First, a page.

If you’re planning on watching the Iditarod ceremonial start tomorrow morning, either on Iditarod.com*or on Alaska television, you’ll see only a small part of what takes place as the mushers wind their way through the streets of Anchorage and its suburbs. Just showing 66 mushers line up and depart in two-minute intervals takes up more than a couple hours of television time, and that’s pretty much all viewers get to see.
However, once the cameras turn away, the seemingly well-choreographed conga line through Anchorage does not always go as smoothly as you might think. Mushers must negotiate the streets of a fairly large city with a 60 – 70 foot long team of excitable dogs, and as they cross intersections, they compete with cars, motorcycles, scooters, bicycles, and snow machines. Although one might expect a cordoned parade route to be easier to follow than the sometimes snowed over Iditarod trail, things can still go wrong. A musher managing a sharp turn can suddenly find him- or herself face down in the snow, dragged along by an oblivious team of loping dogs. What’s more, mushers often carry passengers during the ceremonial start, the “Idita-riders” who pay to sit in the sled baskets and the tow sled drivers who trail the main sleds to help slow eager dog teams to an easy parade gait. Idita-riders can get dumped like a wheelbarrow full of mulch. Tow sleds can get hooked on traffic light poles or stop signs or swing wide into curbs.
In his book Winterdance, Gary Paulsen describes his disastrous rookie start in the 1983 Iditarod. After his lead dog, Wilson, misses a turn, Paulsen and his dog team tear through a stunned crowd and into a residential Anchorage neighborhood:
We went through people’s yards, ripped down fences, knocked over garbage cans. At one point I found myself going through a carport and across a backyard with fifteen dogs and a fully loaded Iditarod sled. A woman standing over the kitchen sink looked out with wide eyes as we passed through her yard and I snapped a wave at her before clawing the handlebar again to hang on while we tore down her picket fence when Wilson tried to thread through a hole not much bigger than a house cat.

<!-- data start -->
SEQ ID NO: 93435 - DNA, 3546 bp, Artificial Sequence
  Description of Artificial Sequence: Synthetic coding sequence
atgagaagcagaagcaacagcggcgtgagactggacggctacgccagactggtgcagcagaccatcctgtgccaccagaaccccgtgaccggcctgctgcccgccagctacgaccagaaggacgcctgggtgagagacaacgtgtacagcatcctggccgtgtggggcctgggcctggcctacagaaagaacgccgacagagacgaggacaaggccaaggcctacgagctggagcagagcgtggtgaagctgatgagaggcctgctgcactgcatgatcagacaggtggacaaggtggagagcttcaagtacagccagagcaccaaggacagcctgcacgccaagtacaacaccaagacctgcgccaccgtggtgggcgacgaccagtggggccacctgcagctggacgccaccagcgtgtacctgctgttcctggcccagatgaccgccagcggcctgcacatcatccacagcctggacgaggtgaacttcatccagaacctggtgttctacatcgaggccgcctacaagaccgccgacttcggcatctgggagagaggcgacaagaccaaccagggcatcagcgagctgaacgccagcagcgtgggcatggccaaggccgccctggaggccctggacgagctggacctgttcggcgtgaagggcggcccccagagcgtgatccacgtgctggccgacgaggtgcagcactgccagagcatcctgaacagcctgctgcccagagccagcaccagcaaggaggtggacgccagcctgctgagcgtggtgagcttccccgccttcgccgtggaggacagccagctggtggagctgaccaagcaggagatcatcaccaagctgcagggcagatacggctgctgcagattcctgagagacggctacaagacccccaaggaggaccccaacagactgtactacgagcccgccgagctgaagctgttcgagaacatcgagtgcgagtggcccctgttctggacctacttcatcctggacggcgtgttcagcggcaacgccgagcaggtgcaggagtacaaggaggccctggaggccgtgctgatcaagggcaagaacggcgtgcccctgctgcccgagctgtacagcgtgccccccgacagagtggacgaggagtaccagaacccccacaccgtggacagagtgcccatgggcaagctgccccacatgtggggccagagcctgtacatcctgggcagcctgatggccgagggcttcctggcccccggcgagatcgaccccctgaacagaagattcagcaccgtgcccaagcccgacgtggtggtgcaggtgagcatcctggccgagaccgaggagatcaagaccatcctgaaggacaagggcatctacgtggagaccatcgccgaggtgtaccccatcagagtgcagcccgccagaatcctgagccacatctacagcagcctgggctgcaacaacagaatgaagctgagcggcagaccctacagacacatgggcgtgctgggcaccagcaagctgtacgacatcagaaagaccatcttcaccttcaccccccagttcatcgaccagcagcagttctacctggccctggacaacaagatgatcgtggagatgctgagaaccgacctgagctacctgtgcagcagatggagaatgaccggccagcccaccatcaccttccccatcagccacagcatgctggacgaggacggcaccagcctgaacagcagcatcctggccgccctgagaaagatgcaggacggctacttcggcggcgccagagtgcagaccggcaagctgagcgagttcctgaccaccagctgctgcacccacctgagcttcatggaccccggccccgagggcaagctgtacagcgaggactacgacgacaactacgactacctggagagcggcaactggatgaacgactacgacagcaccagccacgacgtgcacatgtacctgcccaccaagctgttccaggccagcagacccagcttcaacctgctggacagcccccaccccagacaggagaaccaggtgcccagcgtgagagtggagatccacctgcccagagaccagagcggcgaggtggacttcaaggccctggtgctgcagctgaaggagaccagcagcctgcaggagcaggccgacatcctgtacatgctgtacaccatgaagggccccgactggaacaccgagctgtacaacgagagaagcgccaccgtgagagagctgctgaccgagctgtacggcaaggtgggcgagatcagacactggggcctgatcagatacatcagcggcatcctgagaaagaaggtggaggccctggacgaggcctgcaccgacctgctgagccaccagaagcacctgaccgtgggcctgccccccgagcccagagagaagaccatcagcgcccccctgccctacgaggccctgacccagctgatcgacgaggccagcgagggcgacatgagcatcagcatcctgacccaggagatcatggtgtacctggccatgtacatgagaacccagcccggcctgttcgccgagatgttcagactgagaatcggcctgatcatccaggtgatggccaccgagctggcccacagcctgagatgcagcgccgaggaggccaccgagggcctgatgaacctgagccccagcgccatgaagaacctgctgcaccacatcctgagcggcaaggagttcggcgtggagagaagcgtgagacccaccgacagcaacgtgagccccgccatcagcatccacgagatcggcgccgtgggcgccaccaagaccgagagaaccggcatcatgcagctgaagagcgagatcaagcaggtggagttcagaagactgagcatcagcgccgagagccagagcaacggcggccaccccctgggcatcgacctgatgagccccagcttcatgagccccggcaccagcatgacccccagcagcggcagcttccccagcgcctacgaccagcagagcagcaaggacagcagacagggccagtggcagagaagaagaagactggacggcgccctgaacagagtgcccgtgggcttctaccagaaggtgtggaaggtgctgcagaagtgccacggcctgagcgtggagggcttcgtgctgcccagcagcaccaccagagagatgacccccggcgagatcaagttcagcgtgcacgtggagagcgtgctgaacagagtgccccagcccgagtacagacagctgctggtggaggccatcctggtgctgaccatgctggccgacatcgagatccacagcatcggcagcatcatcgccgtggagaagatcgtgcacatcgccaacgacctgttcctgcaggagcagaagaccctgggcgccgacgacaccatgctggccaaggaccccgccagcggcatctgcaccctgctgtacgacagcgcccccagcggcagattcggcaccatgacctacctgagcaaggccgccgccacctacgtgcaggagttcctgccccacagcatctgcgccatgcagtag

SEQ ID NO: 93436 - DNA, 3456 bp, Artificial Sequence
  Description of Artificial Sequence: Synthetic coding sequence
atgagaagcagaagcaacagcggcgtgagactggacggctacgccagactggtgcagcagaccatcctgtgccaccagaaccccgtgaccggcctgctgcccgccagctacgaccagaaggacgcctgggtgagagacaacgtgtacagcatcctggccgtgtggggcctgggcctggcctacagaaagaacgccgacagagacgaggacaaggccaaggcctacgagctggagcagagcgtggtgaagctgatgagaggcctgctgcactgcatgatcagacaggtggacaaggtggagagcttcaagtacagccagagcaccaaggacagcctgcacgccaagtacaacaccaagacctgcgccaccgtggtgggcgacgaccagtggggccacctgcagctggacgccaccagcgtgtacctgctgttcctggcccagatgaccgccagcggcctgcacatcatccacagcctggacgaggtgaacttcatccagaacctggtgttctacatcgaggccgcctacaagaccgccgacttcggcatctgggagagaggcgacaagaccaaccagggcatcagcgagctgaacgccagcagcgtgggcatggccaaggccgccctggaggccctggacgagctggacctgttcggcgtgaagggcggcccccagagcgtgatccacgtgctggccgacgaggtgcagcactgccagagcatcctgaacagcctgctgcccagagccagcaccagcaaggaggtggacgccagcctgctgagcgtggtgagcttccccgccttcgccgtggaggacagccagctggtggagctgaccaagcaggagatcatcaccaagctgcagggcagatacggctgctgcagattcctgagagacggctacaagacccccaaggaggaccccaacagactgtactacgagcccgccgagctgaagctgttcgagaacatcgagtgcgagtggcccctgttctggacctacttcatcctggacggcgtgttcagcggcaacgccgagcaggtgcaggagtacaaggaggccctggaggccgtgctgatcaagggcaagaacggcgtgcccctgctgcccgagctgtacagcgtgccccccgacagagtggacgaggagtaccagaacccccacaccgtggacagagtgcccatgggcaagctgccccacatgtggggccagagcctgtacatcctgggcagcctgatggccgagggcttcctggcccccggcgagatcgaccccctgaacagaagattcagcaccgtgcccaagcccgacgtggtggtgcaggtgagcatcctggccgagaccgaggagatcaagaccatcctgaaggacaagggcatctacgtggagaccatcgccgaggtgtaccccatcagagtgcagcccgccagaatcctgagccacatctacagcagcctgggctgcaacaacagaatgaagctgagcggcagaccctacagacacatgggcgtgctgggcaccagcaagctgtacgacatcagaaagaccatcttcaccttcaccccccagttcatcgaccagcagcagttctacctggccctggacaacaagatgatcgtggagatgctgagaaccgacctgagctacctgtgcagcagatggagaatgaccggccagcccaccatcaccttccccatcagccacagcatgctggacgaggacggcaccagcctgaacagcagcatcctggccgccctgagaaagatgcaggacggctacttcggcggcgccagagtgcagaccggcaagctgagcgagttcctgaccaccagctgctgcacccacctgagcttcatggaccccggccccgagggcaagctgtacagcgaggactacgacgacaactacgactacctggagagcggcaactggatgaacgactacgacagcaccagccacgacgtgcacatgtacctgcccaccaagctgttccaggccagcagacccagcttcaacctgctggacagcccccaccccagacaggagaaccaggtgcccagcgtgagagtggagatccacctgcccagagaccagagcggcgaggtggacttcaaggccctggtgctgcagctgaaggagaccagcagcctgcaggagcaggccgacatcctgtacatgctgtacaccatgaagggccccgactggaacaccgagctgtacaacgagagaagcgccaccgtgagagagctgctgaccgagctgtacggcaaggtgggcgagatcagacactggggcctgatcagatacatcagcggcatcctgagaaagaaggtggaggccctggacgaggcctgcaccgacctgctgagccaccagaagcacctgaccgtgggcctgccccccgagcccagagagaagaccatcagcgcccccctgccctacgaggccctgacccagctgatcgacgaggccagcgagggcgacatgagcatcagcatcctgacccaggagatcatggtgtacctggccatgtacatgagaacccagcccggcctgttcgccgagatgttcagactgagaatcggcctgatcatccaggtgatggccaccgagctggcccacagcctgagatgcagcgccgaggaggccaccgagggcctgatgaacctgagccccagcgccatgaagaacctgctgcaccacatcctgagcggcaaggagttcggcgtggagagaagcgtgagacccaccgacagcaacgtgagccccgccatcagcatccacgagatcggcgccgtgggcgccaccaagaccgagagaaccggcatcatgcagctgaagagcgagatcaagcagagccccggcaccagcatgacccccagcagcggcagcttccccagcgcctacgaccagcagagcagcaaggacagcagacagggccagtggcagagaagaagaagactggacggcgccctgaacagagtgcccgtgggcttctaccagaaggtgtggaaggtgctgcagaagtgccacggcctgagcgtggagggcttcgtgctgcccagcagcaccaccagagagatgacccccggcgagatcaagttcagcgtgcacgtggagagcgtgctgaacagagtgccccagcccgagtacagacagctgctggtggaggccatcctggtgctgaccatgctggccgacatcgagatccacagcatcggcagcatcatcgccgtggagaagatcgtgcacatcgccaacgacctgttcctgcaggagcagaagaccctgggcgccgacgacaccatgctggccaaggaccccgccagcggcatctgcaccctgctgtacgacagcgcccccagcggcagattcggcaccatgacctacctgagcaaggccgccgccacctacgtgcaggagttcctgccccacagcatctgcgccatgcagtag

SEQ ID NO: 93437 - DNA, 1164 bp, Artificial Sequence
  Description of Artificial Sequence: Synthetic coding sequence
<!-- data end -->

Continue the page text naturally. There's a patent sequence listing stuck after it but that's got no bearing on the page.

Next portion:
One could chalk up Paulsen’s error as a rookie mistake. Yet even seasoned veterans sometimes take in more of Anchorage than they bargained for. In Race Across Alaska, which details her 1985 Iditarod victory, Libby Riddles describes an early mishap she experiences in Anchorage with her partner, Joe Garnie, tagging along on the tow sled.
Then Dugan and Bugs [Riddles’ lead dogs] started down some sort of narrow trail, following a couple of sets of tracks. By the time I saw this new adventure, it was already too late. Two by two the dogs jumped over an old wringer washing machine iced into the trail. The sled hit it and I flew over the top. I heard Joe shout just as he was knocked off the second sled and then my sled went over. I hung on to the drive bow while the dogs dragged me until I righted the sled and regained the runners and stopped. I set the hook into the snow and waited for Joe to catch up. He’d slammed into a tree and banged his knuckle badly. I shook my head and shrugged. A washing machine in the trail of all things.
I think I may have seen an episode of Jackass very much like this.
So if you’re watching tomorrow, just remember: there may be more happening off camera than on.
Coverage of the ceremonial start begins tomorrow at 9:30am (ASKT), with the first musher leaving the chute at 10am.
*Iditarod.com will be showing the ceremonial start for free. You don’t need to be a member. However, you will have to buy an Iditarod Insider membership if you want to watch the restart in Willow and the finish in Nome.